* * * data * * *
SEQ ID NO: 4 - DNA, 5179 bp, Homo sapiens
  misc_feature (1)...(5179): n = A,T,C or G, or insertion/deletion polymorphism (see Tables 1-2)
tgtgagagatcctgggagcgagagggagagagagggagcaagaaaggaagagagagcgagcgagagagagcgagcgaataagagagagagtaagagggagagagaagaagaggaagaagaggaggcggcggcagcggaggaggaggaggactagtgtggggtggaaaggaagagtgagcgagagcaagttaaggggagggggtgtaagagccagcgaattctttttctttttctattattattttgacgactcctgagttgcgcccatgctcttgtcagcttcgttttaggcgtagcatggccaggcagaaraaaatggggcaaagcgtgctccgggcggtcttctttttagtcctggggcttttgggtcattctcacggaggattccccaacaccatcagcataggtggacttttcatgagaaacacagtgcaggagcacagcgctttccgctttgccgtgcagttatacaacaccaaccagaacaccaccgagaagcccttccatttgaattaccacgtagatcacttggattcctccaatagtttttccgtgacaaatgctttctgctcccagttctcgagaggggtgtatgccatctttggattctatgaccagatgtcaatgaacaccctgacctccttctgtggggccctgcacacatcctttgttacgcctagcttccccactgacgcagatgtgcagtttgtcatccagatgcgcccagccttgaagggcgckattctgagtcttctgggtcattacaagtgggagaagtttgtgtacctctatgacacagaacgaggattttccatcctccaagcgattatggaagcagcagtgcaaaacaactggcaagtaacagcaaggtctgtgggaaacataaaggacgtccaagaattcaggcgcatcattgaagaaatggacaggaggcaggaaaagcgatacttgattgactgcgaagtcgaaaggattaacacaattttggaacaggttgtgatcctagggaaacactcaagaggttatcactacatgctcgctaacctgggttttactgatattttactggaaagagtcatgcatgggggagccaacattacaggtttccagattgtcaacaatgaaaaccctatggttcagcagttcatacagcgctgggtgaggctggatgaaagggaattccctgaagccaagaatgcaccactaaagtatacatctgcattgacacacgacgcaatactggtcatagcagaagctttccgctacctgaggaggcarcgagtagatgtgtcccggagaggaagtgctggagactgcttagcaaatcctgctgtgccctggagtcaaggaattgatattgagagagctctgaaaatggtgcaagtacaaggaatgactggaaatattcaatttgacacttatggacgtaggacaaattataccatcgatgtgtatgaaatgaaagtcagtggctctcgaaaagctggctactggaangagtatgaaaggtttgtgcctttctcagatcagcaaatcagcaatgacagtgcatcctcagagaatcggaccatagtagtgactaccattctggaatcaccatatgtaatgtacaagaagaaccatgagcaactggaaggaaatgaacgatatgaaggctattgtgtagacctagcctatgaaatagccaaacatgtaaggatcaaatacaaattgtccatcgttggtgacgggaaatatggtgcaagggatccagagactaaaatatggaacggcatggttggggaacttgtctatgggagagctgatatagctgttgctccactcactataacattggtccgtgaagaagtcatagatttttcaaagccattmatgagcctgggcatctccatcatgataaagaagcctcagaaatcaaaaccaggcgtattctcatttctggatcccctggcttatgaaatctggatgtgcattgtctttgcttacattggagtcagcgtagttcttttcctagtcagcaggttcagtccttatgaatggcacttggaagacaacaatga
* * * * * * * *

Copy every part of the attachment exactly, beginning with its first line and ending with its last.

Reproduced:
SEQ ID NO: 4 - DNA, 5179 bp, Homo sapiens
  misc_feature (1)...(5179): n = A,T,C or G, or insertion/deletion polymorphism (see Tables 1-2)
tgtgagagatcctgggagcgagagggagagagagggagcaagaaaggaagagagagcgagcgagagagagcgagcgaataagagagagagtaagagggagagagaagaagaggaagaagaggaggcggcggcagcggaggaggaggaggactagtgtggggtggaaaggaagagtgagcgagagcaagttaaggggagggggtgtaagagccagcgaattctttttctttttctattattattttgacgactcctgagttgcgcccatgctcttgtcagcttcgttttaggcgtagcatggccaggcagaaraaaatggggcaaagcgtgctccgggcggtcttctttttagtcctggggcttttgggtcattctcacggaggattccccaacaccatcagcataggtggacttttcatgagaaacacagtgcaggagcacagcgctttccgctttgccgtgcagttatacaacaccaaccagaacaccaccgagaagcccttccatttgaattaccacgtagatcacttggattcctccaatagtttttccgtgacaaatgctttctgctcccagttctcgagaggggtgtatgccatctttggattctatgaccagatgtcaatgaacaccctgacctccttctgtggggccctgcacacatcctttgttacgcctagcttccccactgacgcagatgtgcagtttgtcatccagatgcgcccagccttgaagggcgckattctgagtcttctgggtcattacaagtgggagaagtttgtgtacctctatgacacagaacgaggattttccatcctccaagcgattatggaagcagcagtgcaaaacaactggcaagtaacagcaaggtctgtgggaaacataaaggacgtccaagaattcaggcgcatcattgaagaaatggacaggaggcaggaaaagcgatacttgattgactgcgaagtcgaaaggattaacacaattttggaacaggttgtgatcctagggaaacactcaagaggttatcactacatgctcgctaacctgggttttactgatattttactggaaagagtcatgcatgggggagccaacattacaggtttccagattgtcaacaatgaaaaccctatggttcagcagttcatacagcgctgggtgaggctggatgaaagggaattccctgaagccaagaatgcaccactaaagtatacatctgcattgacacacgacgcaatactggtcatagcagaagctttccgctacctgaggaggcarcgagtagatgtgtcccggagaggaagtgctggagactgcttagcaaatcctgctgtgccctggagtcaaggaattgatattgagagagctctgaaaatggtgcaagtacaaggaatgactggaaatattcaatttgacacttatggacgtaggacaaattataccatcgatgtgtatgaaatgaaagtcagtggctctcgaaaagctggctactggaangagtatgaaaggtttgtgcctttctcagatcagcaaatcagcaatgacagtgcatcctcagagaatcggaccatagtagtgactaccattctggaatcaccatatgtaatgtacaagaagaaccatgagcaactggaaggaaatgaacgatatgaaggctattgtgtagacctagcctatgaaatagccaaacatgtaaggatcaaatacaaattgtccatcgttggtgacgggaaatatggtgcaagggatccagagactaaaatatggaacggcatggttggggaacttgtctatgggagagctgatatagctgttgctccactcactataacattggtccgtgaagaagtcatagatttttcaaagccattmatgagcctgggcatctccatcatgataaagaagcctcagaaatcaaaaccaggcgtattctcatttctggatcccctggcttatgaaatctggatgtgcattgtctttgcttacattggagtcagcgtagttcttttcctagtcagcaggttcagtccttatgaatggcacttggaagacaacaatga